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Florida State University


Delay in speech and language development affects five to ten percent of preschool-aged children. These delays often continue into the school years, affecting performance in school, and may create psychosocial problems.

Jessie Giglio, whose goal is to become a child psychologist, has taken two semesters of Directed Individual Study (DIS) with Dr. Kathryn Bojczyk, associate professor of Family and Child Sciences, in hopes of gaining knowledge about these troubling language delays. Jessie has completed the Liberal Studies Honors Program, which does not require a major thesis. "But," she says, "DIS opportunities are great ways to gain research experience if you cannot fit a thesis or other document into your schedule."

"To develop a strong foundation in the developmental aspects of human life, as well as the psychological background needed to pursue a career as a clinician," Jessie is carrying a double major—Child Development and Psychology. "It's interesting when I can take information from Child Development, which looks at the entire lifespan, including social, physical, and psychological development, and apply it to some aspect of Psychology. All of this is important when discussing mental disorders that may arise at any point in life."

In Jessie's first DIS, she examined how parental behaviors during shared book reading, such as asking questions, affected the child's early literacy, as measured against the standardized Peabody Picture Vocabulary Test.

This semester Jessie is involved in Project ILIAD (Independent Lexical Instruction and Development), an early intervention program of vocabulary instruction developed at FSU by Dr. Howard Goldstein, chair of the Communication Disorders department. The project involves daily vocabulary lessons to supplement ongoing classroom instruction. Children from elementary schools in high poverty areas of Tallahassee are given headphones and sent to a "listening center" for 15- to 20-minute taped interactive lessons. Working with Dr. Bojczyk, Jessie is assessing the effect these listening centers have on the children's vocabulary.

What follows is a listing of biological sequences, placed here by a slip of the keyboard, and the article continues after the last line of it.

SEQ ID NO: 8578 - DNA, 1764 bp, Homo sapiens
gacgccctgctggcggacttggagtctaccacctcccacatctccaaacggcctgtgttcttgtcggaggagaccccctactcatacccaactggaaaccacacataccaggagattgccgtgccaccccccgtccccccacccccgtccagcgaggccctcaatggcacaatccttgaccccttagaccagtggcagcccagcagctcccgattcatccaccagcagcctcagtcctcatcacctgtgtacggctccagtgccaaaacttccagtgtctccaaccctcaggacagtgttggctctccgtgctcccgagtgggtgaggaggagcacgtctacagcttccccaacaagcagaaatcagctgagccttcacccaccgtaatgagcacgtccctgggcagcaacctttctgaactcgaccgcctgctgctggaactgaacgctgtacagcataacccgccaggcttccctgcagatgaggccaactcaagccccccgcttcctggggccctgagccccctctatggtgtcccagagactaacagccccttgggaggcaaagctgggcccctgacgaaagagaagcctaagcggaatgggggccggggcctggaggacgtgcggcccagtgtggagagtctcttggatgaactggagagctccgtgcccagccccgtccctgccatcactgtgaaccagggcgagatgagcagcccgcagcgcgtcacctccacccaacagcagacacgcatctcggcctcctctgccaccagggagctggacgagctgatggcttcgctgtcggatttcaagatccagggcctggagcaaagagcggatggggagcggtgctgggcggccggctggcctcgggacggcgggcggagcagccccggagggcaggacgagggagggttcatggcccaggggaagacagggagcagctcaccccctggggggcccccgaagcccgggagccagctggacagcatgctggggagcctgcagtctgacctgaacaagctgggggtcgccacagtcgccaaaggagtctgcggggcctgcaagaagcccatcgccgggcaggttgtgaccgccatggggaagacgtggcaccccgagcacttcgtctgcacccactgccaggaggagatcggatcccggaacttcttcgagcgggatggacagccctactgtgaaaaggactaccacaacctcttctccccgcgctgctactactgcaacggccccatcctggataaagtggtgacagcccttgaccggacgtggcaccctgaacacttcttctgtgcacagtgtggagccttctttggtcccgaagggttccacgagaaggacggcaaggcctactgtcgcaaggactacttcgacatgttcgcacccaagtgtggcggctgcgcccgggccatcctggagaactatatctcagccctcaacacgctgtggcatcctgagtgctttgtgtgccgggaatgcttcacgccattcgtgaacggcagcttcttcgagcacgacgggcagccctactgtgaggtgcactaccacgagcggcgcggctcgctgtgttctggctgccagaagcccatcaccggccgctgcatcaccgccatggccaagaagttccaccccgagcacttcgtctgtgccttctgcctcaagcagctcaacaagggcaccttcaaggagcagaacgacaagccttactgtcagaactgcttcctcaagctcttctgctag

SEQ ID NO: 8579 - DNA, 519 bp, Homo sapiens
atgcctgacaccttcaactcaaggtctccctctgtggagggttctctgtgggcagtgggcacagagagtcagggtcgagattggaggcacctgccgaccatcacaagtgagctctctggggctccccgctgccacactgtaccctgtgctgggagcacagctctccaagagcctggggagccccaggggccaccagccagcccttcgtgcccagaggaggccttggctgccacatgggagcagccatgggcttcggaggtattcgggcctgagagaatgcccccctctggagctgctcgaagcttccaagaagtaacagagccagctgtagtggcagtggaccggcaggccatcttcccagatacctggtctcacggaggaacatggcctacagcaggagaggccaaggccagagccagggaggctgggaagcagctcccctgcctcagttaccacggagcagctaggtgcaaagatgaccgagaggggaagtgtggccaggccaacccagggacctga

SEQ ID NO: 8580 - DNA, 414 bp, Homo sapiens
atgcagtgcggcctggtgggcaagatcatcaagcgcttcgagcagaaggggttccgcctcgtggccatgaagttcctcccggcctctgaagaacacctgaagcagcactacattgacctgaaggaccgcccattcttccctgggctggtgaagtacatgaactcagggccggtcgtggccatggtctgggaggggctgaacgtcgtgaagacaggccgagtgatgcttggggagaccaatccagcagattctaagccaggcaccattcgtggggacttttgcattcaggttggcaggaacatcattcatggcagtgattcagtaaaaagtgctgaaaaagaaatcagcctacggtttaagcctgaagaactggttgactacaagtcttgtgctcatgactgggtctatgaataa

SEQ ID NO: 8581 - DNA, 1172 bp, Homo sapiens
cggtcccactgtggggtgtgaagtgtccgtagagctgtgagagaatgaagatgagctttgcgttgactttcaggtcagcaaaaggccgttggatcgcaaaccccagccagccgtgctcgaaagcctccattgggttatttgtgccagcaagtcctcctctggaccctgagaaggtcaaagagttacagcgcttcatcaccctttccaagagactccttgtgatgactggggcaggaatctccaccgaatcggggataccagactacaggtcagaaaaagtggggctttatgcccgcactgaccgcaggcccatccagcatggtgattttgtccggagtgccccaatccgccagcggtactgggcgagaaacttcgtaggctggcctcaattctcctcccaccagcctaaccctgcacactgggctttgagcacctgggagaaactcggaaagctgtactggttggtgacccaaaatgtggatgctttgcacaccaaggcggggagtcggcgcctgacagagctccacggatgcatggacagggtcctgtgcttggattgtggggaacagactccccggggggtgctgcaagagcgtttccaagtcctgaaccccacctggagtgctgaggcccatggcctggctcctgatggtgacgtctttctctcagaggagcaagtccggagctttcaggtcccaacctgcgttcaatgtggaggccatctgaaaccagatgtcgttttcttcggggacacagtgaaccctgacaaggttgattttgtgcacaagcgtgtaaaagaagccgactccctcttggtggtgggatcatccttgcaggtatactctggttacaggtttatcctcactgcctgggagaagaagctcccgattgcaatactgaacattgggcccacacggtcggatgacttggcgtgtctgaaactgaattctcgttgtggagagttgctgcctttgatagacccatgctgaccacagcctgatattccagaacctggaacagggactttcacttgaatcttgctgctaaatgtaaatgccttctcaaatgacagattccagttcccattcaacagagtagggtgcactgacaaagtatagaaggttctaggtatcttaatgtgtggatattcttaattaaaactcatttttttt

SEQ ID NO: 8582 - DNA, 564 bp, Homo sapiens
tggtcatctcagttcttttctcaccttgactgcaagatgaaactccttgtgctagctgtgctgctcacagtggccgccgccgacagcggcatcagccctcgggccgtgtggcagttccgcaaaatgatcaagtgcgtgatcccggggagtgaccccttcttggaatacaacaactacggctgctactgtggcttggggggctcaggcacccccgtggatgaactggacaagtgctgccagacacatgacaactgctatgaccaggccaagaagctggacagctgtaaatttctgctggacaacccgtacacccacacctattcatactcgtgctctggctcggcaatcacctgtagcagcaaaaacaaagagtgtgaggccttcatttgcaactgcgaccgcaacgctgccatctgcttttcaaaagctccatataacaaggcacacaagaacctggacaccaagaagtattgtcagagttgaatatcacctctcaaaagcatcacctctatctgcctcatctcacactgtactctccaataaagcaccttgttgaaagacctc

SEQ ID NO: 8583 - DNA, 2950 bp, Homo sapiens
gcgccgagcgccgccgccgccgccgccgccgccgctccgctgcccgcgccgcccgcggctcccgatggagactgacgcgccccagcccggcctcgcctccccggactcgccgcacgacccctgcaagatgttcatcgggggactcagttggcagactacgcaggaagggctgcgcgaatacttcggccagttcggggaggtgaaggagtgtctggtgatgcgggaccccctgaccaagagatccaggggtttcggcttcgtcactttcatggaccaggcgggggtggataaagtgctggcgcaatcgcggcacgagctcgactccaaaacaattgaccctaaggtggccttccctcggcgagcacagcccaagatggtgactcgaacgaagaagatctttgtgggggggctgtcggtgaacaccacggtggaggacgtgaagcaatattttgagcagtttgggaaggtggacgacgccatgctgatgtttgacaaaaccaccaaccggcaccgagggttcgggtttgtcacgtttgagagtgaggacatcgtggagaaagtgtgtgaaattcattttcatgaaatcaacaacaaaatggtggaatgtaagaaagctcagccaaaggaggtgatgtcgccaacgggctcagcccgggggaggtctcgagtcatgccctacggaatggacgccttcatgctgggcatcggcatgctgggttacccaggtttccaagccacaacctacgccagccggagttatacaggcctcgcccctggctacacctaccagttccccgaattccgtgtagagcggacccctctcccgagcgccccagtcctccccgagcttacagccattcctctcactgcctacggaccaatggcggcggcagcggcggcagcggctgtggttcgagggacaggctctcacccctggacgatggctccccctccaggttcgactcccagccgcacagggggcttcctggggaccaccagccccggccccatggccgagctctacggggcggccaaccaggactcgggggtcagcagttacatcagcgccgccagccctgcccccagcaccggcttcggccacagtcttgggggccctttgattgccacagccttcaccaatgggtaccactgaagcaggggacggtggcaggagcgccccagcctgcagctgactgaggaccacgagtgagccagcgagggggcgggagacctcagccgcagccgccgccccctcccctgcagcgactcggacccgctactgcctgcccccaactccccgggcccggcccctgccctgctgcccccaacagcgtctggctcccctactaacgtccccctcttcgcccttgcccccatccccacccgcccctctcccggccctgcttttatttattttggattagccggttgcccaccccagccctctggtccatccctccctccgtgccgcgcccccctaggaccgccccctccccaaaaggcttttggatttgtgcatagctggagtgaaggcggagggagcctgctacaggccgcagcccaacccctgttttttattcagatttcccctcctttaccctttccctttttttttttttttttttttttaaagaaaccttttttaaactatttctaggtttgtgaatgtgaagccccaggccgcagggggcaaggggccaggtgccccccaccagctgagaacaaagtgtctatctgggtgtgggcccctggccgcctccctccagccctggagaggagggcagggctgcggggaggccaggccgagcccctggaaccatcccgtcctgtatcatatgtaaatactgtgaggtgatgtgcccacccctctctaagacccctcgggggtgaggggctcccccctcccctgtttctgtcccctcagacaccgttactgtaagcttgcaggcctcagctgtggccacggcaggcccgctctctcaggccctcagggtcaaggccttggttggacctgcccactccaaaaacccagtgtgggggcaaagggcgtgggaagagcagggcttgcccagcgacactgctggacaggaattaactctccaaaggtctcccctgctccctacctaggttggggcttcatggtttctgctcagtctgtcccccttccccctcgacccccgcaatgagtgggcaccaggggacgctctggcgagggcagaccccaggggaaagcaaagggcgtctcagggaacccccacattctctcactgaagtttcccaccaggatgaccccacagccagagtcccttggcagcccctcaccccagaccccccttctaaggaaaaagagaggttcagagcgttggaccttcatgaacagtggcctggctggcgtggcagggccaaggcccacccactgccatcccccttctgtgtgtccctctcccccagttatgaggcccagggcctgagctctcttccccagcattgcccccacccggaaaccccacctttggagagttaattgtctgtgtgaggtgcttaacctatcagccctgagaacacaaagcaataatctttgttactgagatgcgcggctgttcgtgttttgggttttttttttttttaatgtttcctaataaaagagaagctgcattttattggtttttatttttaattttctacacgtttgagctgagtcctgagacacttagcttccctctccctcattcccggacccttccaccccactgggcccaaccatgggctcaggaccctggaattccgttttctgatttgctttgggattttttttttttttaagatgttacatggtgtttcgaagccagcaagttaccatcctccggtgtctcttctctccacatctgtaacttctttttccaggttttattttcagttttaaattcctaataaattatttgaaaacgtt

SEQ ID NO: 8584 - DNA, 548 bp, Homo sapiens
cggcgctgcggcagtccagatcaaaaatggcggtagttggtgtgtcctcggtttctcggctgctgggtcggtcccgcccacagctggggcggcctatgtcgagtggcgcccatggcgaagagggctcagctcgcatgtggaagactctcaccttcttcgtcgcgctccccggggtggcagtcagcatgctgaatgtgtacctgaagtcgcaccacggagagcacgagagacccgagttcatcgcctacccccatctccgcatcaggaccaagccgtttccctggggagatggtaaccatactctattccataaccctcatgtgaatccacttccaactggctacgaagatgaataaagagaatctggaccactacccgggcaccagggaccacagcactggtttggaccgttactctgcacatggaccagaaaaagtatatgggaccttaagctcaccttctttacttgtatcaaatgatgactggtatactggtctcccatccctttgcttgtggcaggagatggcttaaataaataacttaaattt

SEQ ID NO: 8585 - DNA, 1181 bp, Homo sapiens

Having only joined the project in January, Jessie says the children are already making gains. "It's exciting to see children, who are at risk due to their environment and/or genetics, succeed and break the cycle of poverty that surrounds them."

Because of her diligence, the strength of her curriculum, and the perfect 4.0 GPA maintained throughout her undergraduate career, Jessie was recently honored with the Outstanding Senior Scholar Award.

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